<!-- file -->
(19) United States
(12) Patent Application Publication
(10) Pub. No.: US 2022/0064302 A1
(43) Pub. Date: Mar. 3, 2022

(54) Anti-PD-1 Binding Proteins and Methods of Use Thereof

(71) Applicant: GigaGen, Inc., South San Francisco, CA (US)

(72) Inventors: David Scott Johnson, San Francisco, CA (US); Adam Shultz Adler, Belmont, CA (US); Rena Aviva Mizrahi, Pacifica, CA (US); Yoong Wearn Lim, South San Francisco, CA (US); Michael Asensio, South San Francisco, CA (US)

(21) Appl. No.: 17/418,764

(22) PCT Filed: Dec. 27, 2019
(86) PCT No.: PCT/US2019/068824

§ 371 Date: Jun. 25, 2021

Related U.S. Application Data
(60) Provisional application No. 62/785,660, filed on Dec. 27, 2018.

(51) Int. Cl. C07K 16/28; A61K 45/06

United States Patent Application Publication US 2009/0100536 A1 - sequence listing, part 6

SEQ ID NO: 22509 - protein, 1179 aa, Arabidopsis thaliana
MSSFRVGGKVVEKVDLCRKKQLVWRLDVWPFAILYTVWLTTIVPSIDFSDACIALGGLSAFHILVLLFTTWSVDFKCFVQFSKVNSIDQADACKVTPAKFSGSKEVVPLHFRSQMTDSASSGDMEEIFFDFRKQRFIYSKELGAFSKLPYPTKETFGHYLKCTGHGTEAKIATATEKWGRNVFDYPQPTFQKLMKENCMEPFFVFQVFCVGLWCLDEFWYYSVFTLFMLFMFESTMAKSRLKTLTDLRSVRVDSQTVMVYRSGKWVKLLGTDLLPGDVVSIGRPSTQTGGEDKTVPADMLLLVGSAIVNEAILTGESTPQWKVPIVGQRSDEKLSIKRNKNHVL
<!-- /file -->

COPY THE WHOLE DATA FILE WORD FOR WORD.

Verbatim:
(19) United States
(12) Patent Application Publication
(10) Pub. No.: US 2022/0064302 A1
(43) Pub. Date: Mar. 3, 2022

(54) Anti-PD-1 Binding Proteins and Methods of Use Thereof

(71) Applicant: GigaGen, Inc., South San Francisco, CA (US)

(72) Inventors: David Scott Johnson, San Francisco, CA (US); Adam Shultz Adler, Belmont, CA (US); Rena Aviva Mizrahi, Pacifica, CA (US); Yoong Wearn Lim, South San Francisco, CA (US); Michael Asensio, South San Francisco, CA (US)

(21) Appl. No.: 17/418,764

(22) PCT Filed: Dec. 27, 2019
(86) PCT No.: PCT/US2019/068824

§ 371 Date: Jun. 25, 2021

Related U.S. Application Data
(60) Provisional application No. 62/785,660, filed on Dec. 27, 2018.

(51) Int. Cl. C07K 16/28; A61K 45/06

United States Patent Application Publication US 2009/0100536 A1 - sequence listing, part 6

SEQ ID NO: 22509 - protein, 1179 aa, Arabidopsis thaliana
MSSFRVGGKVVEKVDLCRKKQLVWRLDVWPFAILYTVWLTTIVPSIDFSDACIALGGLSAFHILVLLFTTWSVDFKCFVQFSKVNSIDQADACKVTPAKFSGSKEVVPLHFRSQMTDSASSGDMEEIFFDFRKQRFIYSKELGAFSKLPYPTKETFGHYLKCTGHGTEAKIATATEKWGRNVFDYPQPTFQKLMKENCMEPFFVFQVFCVGLWCLDEFWYYSVFTLFMLFMFESTMAKSRLKTLTDLRSVRVDSQTVMVYRSGKWVKLLGTDLLPGDVVSIGRPSTQTGGEDKTVPADMLLLVGSAIVNEAILTGESTPQWKVPIVGQRSDEKLSIKRNKNHVL